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Many people associate archetypes with psychotherapy rather than the way in which businesses operate. But did you know that they are equally important in marketing, branding and advertising? In this article, you will learn more about brand archetypes, how to use them and why they are relevant.
Brand archetype definition – who created it?
The general concept of archetypes was created by Carl Gustav Jung for the purposes of a psychological analysis. However, the way we use them in marketing today is attributed to Margaret Mark and Carol S. Pearson, who have led marketers around the world to build successful businesses.
What is a brand archetype?
Archetypes in general are highly developed elements of the collective unconscious, which can be described as universal, archaic patterns and images. People recognize such archetypes while in a new situation and react to them in a specific way. Simply put, an archetype is a prototype, a set of features that describes a character, event, phenomenon, etc. This general definition also highlights perfectly the importance of an archetype in building a brand. It allows you to create a communication strategy that will reach potential customers and recipients. This is due to the fact that marketers, by specifying the archetype of a brand, are able to assess the most optimal communication channel, which in turn allows them to create a content strategy. Additionally, brand personality archetypes make it much easier to establish a brand – target audience relationship on a personal and emotional level, which nowadays is the most important selling point!
Brand archetypes meaning in everyday life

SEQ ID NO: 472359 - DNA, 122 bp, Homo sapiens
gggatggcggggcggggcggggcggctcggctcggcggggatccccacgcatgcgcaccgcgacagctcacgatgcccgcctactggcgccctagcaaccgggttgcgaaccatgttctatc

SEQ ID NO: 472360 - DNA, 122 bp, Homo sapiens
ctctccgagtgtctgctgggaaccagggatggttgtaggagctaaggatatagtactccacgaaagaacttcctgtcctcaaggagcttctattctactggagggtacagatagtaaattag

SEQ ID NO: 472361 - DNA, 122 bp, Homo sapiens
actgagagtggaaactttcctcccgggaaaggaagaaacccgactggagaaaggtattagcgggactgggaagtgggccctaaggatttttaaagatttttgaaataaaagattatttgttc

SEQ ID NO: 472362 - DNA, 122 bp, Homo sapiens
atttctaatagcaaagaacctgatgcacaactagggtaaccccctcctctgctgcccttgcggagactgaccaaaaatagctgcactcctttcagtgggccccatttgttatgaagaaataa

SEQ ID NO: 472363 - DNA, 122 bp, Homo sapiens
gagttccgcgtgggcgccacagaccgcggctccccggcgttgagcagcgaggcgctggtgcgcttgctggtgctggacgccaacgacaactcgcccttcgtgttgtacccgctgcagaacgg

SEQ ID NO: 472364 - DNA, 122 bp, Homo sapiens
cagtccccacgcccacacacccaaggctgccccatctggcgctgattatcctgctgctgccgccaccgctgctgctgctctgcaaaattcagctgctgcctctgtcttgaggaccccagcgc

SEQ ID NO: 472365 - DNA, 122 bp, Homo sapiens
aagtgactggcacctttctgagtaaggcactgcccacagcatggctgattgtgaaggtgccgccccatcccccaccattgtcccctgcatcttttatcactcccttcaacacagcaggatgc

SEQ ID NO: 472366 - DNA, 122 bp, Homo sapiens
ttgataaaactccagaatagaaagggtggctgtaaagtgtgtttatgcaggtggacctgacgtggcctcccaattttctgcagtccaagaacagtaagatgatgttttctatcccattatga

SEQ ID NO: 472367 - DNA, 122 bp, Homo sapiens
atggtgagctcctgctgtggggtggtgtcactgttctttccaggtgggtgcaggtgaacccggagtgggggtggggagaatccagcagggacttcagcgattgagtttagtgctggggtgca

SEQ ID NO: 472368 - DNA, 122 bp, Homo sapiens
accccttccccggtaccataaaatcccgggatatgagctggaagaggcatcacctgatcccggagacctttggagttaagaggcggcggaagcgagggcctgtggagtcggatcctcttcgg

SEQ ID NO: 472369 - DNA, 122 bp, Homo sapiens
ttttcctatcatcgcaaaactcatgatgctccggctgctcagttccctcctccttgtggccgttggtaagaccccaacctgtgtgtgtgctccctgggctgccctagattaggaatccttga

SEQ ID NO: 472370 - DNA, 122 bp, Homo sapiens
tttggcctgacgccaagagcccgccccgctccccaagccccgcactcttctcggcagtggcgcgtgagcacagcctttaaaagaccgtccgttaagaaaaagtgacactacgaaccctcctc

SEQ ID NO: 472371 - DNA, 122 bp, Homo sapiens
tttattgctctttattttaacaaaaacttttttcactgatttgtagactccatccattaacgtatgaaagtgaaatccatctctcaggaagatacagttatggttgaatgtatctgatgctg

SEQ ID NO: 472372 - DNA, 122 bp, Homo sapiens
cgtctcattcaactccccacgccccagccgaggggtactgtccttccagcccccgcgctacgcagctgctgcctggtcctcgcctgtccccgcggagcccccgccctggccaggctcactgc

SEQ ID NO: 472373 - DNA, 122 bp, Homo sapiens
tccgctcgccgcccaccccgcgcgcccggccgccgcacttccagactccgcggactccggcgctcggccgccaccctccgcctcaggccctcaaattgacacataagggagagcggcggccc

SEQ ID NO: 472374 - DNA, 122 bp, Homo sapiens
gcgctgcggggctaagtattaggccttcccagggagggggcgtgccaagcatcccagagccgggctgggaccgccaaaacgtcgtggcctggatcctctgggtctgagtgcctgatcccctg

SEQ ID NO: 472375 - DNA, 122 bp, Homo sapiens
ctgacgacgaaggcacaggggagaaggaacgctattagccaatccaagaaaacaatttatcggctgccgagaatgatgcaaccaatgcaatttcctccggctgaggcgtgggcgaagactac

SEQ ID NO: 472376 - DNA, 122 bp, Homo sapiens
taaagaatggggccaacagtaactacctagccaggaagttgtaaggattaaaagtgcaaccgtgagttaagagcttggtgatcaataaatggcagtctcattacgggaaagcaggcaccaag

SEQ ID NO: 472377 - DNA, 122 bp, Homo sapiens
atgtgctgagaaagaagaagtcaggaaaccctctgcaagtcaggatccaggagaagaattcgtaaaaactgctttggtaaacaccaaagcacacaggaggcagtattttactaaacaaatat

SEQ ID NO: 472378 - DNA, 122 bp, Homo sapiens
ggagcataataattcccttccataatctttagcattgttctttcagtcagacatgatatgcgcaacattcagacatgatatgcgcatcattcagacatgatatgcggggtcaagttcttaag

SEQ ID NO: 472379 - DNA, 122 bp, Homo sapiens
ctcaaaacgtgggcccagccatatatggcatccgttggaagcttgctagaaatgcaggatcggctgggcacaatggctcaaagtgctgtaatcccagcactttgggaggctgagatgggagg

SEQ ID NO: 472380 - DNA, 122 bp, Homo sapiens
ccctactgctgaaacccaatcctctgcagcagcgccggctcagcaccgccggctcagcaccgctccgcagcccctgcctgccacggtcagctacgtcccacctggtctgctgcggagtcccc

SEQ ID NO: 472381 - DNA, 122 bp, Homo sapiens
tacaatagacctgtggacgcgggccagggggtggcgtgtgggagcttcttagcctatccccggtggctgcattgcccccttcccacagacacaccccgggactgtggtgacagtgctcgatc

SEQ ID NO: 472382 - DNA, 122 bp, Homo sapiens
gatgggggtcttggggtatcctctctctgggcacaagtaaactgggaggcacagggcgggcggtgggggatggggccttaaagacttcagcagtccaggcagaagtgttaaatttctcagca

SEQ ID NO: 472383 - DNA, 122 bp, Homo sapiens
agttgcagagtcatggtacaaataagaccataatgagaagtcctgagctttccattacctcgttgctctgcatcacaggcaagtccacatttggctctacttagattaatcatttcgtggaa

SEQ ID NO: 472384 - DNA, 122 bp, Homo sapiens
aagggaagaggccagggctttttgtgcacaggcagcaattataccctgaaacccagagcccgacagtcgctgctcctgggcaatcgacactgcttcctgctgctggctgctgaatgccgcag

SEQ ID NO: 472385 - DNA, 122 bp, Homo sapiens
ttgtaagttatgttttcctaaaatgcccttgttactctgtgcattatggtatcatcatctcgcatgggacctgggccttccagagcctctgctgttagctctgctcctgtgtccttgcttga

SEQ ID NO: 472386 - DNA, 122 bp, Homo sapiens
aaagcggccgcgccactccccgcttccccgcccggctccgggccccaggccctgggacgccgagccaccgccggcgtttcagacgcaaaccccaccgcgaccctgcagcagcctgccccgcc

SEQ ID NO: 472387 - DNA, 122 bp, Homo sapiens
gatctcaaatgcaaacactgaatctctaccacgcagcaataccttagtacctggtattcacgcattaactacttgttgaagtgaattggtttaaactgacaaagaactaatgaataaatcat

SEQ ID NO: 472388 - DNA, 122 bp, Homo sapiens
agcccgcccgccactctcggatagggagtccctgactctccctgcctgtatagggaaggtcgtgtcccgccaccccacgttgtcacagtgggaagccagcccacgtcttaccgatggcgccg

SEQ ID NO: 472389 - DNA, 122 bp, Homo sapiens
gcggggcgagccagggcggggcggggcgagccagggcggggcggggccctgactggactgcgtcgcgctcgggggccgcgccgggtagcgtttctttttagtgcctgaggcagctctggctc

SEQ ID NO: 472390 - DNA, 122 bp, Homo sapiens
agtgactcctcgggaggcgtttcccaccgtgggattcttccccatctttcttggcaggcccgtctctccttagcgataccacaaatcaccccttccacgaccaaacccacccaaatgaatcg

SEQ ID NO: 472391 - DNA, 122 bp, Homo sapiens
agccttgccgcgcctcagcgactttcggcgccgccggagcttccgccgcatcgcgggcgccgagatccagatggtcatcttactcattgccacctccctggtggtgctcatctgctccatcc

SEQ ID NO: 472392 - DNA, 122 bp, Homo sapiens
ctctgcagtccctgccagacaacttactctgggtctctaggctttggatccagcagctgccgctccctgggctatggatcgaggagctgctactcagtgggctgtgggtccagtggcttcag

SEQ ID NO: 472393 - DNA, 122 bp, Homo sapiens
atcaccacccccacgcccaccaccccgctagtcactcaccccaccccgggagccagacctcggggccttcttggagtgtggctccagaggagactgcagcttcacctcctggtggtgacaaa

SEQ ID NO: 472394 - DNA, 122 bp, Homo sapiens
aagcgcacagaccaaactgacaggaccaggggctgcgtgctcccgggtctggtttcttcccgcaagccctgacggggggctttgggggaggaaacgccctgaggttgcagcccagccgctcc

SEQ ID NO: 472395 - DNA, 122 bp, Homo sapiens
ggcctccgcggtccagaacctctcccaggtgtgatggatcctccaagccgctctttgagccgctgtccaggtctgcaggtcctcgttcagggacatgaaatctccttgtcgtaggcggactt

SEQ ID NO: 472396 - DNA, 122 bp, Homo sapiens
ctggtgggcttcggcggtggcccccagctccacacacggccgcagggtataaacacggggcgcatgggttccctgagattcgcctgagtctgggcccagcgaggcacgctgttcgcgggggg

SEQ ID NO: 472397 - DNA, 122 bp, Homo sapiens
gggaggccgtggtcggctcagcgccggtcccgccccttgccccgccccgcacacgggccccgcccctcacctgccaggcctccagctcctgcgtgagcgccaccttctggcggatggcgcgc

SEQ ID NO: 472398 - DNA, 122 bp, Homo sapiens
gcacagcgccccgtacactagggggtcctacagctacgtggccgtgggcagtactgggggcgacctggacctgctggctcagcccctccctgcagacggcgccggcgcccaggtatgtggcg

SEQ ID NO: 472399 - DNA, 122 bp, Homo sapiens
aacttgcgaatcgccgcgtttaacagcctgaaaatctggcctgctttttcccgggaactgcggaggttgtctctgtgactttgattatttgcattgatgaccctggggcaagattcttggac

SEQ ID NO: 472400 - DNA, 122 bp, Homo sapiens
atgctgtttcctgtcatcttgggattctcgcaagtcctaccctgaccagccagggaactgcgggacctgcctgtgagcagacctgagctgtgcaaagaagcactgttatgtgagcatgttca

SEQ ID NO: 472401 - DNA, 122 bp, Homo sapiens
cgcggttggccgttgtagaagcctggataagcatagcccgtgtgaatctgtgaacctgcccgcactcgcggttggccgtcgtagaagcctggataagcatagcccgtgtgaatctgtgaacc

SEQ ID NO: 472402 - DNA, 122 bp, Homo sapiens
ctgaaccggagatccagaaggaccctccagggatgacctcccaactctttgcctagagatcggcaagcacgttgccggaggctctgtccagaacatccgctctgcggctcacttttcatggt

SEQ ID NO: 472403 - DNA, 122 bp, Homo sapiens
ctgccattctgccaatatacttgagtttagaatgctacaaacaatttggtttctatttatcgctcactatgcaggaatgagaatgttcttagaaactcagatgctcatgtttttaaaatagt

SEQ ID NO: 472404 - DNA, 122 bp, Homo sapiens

We meet different people almost every day and right from the start we have a negative or positive opinion about them. After a while, a certain idea of their personality forms in our head and we are even able to define their characteristic behaviors. How is this possible? This person must fit one of the archetypes you had in your head. It is thanks to them that, at the time of the first contact, you attributed features that are obvious and well known to you to a given person or a place. It works exactly the same with brands. We like some of them and have slightly colder feelings towards the others. Everybody has their favorite brand, even though we do not know their products that well.
Why are brand archetypes important?
Brand archetypes can significantly help you in image building and advertising activities. What role does brand archetype play in branding?
- They allow you to predict the potential recipients’ behavior and reactions during the first contact with the brand and in the future – with the first one being more important.
- Thanks to them, it is much easier to determine the method of communication or the sale form which will be the most appropriate.
- They help in creating the right team. As a business owner or marketing director, you will know whether it is better to invest in the work of a graphic designer or an illustrator. Deciding whether a copywriter should create technical or humorous content will be easier.
- A well matched archetype makes the brand recognizable and has a real impact on customers’ decisions.
- They help in building a strong customer community.
How to use brand archetypes?
How to use archetypes to build a brand identity? Start with the most important question: “who is my brand?”. Treat it as a person. Brands should be defined by the exact same categories as humans, namely by the set of distinguishing features, values and their visual form. We can say that the equivalent of human appearance is, for example, a brand’s logo, colors appearing on its channels of communication or icons that are associated with it. It might seem funny to you, but the brand archetype colors really matter. An archetype can shape your brand perception.
However, visual identification is not everything. Just as a person has some personality traits, a brand will be associated with some emotions, behaviors and actions. So before you move on to choosing an archetype, be sure to look at your brand as a human and ask yourself the following questions:
- What is the brand like?
- What does it look like?
- How does it speak?
- How does it gesture?
- What values does it support?
- What are its characteristics?
- What makes it unique?
- What message does it convey?
- What emotions does it evoke?
Different categories – brand archetype examples